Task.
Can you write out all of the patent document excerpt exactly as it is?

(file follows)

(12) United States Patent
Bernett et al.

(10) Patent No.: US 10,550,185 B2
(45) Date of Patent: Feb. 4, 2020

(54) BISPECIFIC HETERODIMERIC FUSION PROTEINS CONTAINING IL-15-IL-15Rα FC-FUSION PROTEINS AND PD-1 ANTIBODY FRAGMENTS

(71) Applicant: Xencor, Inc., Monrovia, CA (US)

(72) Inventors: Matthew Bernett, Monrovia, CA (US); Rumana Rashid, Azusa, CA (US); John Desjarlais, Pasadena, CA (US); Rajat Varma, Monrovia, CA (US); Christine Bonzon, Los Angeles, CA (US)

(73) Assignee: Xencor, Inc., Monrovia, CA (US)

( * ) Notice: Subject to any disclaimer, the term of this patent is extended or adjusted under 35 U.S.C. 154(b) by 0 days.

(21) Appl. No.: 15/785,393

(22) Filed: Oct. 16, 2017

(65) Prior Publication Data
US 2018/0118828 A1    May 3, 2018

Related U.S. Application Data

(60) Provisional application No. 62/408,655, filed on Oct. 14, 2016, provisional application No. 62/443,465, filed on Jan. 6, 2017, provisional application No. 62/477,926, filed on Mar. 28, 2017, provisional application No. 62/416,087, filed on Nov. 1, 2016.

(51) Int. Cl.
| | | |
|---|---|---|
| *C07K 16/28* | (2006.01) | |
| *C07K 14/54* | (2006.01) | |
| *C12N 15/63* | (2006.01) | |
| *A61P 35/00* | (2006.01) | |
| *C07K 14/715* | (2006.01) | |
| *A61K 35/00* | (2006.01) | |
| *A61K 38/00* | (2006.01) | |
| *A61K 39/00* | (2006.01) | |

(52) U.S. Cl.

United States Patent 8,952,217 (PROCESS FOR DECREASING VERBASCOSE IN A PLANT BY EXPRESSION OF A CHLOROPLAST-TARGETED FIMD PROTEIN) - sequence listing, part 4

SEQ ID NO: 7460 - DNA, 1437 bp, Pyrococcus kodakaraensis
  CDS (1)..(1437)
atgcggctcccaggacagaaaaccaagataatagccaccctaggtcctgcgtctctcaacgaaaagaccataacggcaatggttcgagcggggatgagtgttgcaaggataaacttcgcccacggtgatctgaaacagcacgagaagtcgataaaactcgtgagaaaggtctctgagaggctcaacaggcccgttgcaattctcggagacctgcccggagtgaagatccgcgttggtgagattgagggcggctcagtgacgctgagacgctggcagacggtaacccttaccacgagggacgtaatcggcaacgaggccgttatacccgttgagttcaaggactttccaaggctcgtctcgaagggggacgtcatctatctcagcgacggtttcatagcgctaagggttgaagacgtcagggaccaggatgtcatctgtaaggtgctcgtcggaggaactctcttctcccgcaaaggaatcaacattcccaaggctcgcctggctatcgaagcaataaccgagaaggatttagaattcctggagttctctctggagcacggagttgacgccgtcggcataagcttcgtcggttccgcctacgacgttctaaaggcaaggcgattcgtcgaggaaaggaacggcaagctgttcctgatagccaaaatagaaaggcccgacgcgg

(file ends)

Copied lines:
(12) United States Patent
Bernett et al.

(10) Patent No.: US 10,550,185 B2
(45) Date of Patent: Feb. 4, 2020

(54) BISPECIFIC HETERODIMERIC FUSION PROTEINS CONTAINING IL-15-IL-15Rα FC-FUSION PROTEINS AND PD-1 ANTIBODY FRAGMENTS

(71) Applicant: Xencor, Inc., Monrovia, CA (US)

(72) Inventors: Matthew Bernett, Monrovia, CA (US); Rumana Rashid, Azusa, CA (US); John Desjarlais, Pasadena, CA (US); Rajat Varma, Monrovia, CA (US); Christine Bonzon, Los Angeles, CA (US)

(73) Assignee: Xencor, Inc., Monrovia, CA (US)

( * ) Notice: Subject to any disclaimer, the term of this patent is extended or adjusted under 35 U.S.C. 154(b) by 0 days.

(21) Appl. No.: 15/785,393

(22) Filed: Oct. 16, 2017

(65) Prior Publication Data
US 2018/0118828 A1    May 3, 2018

Related U.S. Application Data

(60) Provisional application No. 62/408,655, filed on Oct. 14, 2016, provisional application No. 62/443,465, filed on Jan. 6, 2017, provisional application No. 62/477,926, filed on Mar. 28, 2017, provisional application No. 62/416,087, filed on Nov. 1, 2016.

(51) Int. Cl.
| | | |
|---|---|---|
| *C07K 16/28* | (2006.01) | |
| *C07K 14/54* | (2006.01) | |
| *C12N 15/63* | (2006.01) | |
| *A61P 35/00* | (2006.01) | |
| *C07K 14/715* | (2006.01) | |
| *A61K 35/00* | (2006.01) | |
| *A61K 38/00* | (2006.01) | |
| *A61K 39/00* | (2006.01) | |

(52) U.S. Cl.

United States Patent 8,952,217 (PROCESS FOR DECREASING VERBASCOSE IN A PLANT BY EXPRESSION OF A CHLOROPLAST-TARGETED FIMD PROTEIN) - sequence listing, part 4

SEQ ID NO: 7460 - DNA, 1437 bp, Pyrococcus kodakaraensis
  CDS (1)..(1437)
atgcggctcccaggacagaaaaccaagataatagccaccctaggtcctgcgtctctcaacgaaaagaccataacggcaatggttcgagcggggatgagtgttgcaaggataaacttcgcccacggtgatctgaaacagcacgagaagtcgataaaactcgtgagaaaggtctctgagaggctcaacaggcccgttgcaattctcggagacctgcccggagtgaagatccgcgttggtgagattgagggcggctcagtgacgctgagacgctggcagacggtaacccttaccacgagggacgtaatcggcaacgaggccgttatacccgttgagttcaaggactttccaaggctcgtctcgaagggggacgtcatctatctcagcgacggtttcatagcgctaagggttgaagacgtcagggaccaggatgtcatctgtaaggtgctcgtcggaggaactctcttctcccgcaaaggaatcaacattcccaaggctcgcctggctatcgaagcaataaccgagaaggatttagaattcctggagttctctctggagcacggagttgacgccgtcggcataagcttcgtcggttccgcctacgacgttctaaaggcaaggcgattcgtcgaggaaaggaacggcaagctgttcctgatagccaaaatagaaaggcccgacgcgg